One is not enlightened
Basho, The Complete Haiku
I am reminded each morning that now it is cold. I have lit up a string of red lights around A. S. Byatt and Virginia Woolf to remind me of warmth and brave living. People look at the lights across these books and say: this looks so warm with the red lights there. I have added Kate Grenville and also John Kennedy Toole, who wrote A Confederacy of Dunces and then died before it was published and before he knew how important he was.
My fist visitor today, after commenting on the beginning of winter asked for Of Mice and Men. She had always wanted to read John Steinbeck and also thought that my coloured lights were nice, just the thing for a dark day.
A young browser looked at The Imitation of Christ and murmured:”…well, maybe not today…”
Robert is going to challenge an unfair Centrelink request and he does not care if it takes the rest of his life, so long as he still has time to read.
One customer told his friend that it was a bloody good day and his friend answered that this was true and that she was full of water. He said that slowly the ground will become good with it.
A lady told me that she wanted to read The Diary of Samuel Pepys, some kind of reader’s version. I said that even that is just over a thousand pages. She decided she was up for it. Then she told me that when she was a librarian, the woman at the next desk did absolutely nothing and yet still managed to look busy. She said that this woman kept it up for about 10 years – and this is only a little longer than Pepys kept up his diaries!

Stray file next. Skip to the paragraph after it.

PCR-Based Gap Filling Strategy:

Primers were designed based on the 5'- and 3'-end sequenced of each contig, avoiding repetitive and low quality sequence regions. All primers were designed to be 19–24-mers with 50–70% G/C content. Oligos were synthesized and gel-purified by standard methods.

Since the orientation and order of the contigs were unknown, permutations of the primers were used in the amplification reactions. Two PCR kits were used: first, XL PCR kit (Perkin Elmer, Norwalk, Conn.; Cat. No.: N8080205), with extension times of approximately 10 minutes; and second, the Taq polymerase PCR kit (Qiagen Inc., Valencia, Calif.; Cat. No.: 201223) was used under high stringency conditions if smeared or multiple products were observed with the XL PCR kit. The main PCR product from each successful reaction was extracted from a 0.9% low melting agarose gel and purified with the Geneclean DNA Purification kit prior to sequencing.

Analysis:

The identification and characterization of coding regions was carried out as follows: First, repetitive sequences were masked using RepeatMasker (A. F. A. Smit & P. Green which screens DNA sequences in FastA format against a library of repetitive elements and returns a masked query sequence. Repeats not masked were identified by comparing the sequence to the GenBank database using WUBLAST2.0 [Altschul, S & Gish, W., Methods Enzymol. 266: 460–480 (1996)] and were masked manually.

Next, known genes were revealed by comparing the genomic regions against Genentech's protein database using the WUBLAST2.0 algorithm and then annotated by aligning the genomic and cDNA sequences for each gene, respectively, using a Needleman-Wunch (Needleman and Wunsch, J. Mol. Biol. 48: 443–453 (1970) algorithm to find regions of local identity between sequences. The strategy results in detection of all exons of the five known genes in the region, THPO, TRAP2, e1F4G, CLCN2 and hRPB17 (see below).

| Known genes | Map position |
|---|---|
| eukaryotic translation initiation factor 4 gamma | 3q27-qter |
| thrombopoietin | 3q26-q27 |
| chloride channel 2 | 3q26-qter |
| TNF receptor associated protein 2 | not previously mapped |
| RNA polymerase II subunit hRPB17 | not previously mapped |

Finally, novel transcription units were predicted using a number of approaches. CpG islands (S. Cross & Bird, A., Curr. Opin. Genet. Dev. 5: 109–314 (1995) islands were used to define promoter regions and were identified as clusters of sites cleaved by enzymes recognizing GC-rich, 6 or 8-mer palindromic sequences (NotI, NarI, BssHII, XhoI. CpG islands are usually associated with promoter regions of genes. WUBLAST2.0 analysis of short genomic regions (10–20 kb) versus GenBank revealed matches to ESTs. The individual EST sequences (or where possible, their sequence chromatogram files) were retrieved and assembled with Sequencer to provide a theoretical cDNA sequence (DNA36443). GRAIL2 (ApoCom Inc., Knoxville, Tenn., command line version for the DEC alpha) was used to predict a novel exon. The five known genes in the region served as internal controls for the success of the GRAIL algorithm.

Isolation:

In The Collected Dorothy Parker I read this: “They sicken of the calm who know the storm.” Dorothy Parker was an American author, poet and critic who wrote across the early 1900s. She was a brilliant writer and she was very funny and very sad. This made it agonising for her to sit still – but clearly she knew this because she said it: “They sicken of the calm who know the storm.” And she wrote with unfailing honesty her stories and poetry and thoughts. This means that we can read them and then honestly claim our own stories and pain, too.
Although we are encouraged not to, I think that it can be very useful to sit still and risk a seeming achievement of nothing. This could make the activity of reading a challenging one. Perhaps this is why many people bring in printed reading lists…so show some progress.
A grandparent expressed her concern for her grandsons that could not sit still. She asked for some picture books about farm animals: she was going to begin reading to them and introduce a new kind of activity.
Reading is slow and accumulative.
I listened to a reader tell me many details about Tom Keneally’s Commonwealth of Thieves and I was convinced to try Mary called Magdalene by Margaret George.
“So, you’re the man who can’t spell ‘fuck.'”
Dorothy Parker to Norman Mailer after publishers had convinced Mailer to replace the word with a euphemism, ‘fug,’ in his 1948 book, “The Naked and the Dead.”
Photography by Martin Dorsch